This summer's drought followed an unusually warm winter with little snowfall in the mountains. Because of the lack of melting snow and rain, Alpine pastures were parched, and water reserves were left unreplenished. This caused farmers to bring their cattle down early and butcher them because they lacked the feed and space to keep them.

As a result of the market being suddenly saturated, the price of beef dropped. However, the price will rise long-term as vital inputs such as water, feed, and space grow more expensive.

Because glaciers are made up of an accumulation and ablation zone, a lack of winter snowfall adds to their demise. When no snow is in the accumulation zone (the top of the glacier), the glacier's balance of build-up and loss goes out of sync, and the glacier disappears.

Switzerland's changing landscape

I asked Dr. Matthias Huss what we could do about disrupting the hydrological cycle. Couldn't we simply build more dams and transform the glacier valleys into lakes?

His response was yes and no. Creating mountain reservoir lakes is not ideal in many ways since it introduces additional complications, such as changing the landscape and increasing evaporation.

Furthermore, as the glaciers melt, the underlying permafrost melts. This melting causes mountains to become unstable, resulting in landslides. A landslide into a reservoir could cause massive waves damaging or potentially breaching the dam and flooding the valley below.

Glacial lakes, which form naturally at the terminus of glaciers, pose many of the same problems for those living downstream. As we've seen in Pakistan and Peru, flash floods are a constant possibility due to rockslides, large glacier chunks breaking off, or strong rains.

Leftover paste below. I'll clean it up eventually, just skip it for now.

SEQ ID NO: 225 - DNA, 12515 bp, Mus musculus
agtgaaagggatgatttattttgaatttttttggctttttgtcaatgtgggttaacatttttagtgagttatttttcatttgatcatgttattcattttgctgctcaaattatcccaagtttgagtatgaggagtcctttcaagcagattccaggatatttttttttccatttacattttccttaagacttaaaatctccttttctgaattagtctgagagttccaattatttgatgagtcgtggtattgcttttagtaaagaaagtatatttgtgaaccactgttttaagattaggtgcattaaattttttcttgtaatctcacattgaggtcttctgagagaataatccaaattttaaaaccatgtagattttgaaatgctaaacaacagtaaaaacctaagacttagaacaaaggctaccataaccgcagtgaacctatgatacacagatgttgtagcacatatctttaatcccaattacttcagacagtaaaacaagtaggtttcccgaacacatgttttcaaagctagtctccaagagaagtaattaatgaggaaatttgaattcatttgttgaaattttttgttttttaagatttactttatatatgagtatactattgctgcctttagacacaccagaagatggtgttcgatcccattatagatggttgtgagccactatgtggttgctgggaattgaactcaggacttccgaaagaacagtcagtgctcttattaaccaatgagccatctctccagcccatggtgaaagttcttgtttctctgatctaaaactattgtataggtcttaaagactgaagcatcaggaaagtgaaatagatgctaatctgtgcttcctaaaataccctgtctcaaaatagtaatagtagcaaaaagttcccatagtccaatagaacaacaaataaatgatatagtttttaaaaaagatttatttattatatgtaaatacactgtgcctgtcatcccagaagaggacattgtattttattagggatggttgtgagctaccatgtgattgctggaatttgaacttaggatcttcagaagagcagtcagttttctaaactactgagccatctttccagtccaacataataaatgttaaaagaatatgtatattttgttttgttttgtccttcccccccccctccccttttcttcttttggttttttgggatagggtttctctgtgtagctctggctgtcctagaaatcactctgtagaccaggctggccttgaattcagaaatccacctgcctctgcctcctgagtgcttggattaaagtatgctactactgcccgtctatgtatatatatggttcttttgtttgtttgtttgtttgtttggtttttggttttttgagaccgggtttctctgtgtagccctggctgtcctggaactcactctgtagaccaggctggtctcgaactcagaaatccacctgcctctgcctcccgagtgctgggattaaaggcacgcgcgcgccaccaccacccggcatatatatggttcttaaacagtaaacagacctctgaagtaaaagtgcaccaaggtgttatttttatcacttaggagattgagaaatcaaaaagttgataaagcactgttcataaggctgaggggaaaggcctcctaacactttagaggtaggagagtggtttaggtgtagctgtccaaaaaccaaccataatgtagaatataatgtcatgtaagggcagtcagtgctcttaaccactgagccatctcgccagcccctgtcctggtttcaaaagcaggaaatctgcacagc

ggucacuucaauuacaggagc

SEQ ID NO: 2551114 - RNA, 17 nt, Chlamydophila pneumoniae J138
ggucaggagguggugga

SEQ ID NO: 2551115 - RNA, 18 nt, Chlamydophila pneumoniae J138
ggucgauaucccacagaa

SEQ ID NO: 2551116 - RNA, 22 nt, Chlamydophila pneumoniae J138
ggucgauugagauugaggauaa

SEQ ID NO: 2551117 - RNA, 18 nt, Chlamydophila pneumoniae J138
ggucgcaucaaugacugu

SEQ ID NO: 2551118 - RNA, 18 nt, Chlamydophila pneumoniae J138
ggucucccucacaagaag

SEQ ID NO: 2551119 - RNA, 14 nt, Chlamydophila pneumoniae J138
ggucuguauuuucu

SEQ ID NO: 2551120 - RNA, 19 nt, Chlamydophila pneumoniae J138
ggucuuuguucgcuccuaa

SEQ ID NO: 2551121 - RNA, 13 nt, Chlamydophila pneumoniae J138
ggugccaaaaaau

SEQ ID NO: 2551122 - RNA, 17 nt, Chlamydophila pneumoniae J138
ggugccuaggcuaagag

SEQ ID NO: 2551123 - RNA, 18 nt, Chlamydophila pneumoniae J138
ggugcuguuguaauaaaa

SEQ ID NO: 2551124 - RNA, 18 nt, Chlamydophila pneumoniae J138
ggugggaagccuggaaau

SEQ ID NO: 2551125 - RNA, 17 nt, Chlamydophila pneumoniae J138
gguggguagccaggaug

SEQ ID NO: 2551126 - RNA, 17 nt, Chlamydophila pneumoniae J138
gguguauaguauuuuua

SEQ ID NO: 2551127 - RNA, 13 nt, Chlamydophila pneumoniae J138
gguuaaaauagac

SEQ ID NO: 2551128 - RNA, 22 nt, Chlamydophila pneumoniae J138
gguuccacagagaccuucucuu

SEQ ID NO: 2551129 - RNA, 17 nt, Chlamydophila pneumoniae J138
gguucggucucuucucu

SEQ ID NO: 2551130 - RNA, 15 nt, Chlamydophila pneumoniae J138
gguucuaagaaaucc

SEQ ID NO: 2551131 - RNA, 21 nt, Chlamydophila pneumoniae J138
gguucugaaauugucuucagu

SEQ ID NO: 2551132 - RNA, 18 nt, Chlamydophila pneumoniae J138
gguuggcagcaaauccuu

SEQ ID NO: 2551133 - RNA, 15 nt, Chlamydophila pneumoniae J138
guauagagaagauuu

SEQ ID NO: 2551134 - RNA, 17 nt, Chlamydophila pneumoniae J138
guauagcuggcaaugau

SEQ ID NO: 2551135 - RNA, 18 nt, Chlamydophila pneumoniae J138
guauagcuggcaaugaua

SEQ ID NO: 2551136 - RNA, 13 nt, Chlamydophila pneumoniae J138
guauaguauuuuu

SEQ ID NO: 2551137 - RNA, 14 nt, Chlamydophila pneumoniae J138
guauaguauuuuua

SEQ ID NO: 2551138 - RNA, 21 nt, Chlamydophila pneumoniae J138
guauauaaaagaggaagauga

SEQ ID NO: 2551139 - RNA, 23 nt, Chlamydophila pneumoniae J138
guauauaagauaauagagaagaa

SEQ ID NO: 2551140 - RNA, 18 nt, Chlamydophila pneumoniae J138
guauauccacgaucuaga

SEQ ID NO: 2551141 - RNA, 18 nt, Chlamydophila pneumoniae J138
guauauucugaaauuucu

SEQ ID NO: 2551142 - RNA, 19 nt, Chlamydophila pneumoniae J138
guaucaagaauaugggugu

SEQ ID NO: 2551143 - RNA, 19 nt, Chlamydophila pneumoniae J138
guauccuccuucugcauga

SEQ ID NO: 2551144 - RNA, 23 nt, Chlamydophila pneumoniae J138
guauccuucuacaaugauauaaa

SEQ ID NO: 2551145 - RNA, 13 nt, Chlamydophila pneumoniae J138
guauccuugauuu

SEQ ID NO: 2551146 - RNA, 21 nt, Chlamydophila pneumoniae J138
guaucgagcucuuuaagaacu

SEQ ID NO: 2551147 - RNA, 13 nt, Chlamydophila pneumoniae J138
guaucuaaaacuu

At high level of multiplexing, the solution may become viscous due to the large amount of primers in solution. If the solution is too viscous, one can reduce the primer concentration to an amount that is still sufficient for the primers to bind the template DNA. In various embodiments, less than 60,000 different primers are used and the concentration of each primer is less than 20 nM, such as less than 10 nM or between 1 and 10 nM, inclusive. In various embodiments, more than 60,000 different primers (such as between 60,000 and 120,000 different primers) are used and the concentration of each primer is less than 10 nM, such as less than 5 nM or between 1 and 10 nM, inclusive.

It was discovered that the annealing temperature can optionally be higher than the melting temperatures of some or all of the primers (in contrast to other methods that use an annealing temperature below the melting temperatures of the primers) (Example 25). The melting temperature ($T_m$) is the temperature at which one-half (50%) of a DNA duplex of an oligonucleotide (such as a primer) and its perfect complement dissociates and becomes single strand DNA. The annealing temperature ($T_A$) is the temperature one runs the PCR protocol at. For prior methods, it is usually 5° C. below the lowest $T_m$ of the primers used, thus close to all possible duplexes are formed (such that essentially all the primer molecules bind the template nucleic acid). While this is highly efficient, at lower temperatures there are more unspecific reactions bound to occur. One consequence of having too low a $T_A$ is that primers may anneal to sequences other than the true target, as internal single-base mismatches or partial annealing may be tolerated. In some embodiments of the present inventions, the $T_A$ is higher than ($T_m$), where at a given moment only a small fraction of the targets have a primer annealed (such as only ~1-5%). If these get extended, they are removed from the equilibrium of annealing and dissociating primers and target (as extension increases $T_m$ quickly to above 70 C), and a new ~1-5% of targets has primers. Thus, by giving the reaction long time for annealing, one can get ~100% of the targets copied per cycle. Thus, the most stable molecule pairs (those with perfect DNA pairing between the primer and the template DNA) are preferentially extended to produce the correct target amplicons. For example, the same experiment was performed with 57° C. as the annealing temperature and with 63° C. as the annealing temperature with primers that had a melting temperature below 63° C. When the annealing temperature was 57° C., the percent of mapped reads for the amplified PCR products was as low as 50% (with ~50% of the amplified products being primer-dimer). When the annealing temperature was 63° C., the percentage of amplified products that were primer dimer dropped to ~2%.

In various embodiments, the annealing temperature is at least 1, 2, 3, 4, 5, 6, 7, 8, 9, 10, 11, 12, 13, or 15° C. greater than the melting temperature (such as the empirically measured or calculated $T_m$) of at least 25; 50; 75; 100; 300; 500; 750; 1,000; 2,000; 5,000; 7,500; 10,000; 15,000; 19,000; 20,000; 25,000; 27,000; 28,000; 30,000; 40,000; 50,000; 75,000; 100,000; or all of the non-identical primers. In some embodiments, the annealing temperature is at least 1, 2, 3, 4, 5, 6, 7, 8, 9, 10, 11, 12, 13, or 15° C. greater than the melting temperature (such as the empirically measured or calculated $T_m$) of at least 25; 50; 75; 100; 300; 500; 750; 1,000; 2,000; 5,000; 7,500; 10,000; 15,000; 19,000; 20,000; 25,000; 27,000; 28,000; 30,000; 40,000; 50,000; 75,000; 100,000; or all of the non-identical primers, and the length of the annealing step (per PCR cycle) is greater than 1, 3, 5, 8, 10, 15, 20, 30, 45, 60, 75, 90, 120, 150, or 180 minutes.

Aside from the concerns that the loss of our glaciers poses, the environment and landscape are changing. Some places may become greener as temperatures warm, and the land becomes fertile for forests, shrubs, and grasses. Other areas may dry up and become even more.

For Switzerland, where glaciers like the Aletsch, Gorner, and Morteratsch are iconic, the loss of these icy giants will be a cultural loss that will also harm tourism and Swiss identity, as our geography shapes who we are and our self-perception.

We must establish a new concord between civilization and nature.

If we are to rescue what we can from the glaciers, we must cooperate as a society to uphold the Paris Climate Agreement goal of keeping global warming below 2° C, emphasizing 1.5° C.

We must substantially limit the use of fossil fuels and discover ways to sequester the carbon already in the atmosphere if we are to meet our targets. Even if those temperature goals are met, the Aletsch will still shrink by half and retreat to the Konkordiaplatz.

After years of pandemic and now a war in Europe, climate change might not be top of mind for many of us. However, climate change is a leading cause of social unrest, political conflict, and forced migration. Our glaciers are a barometer for the health of the world.

Right now, the world has a fever, and we need to get it under control if we are to escape without the gravest of damage.

Melting Glaciers in Switzerland (Copyright Christian Langenegger)

Source: Swiss Academy of Sciences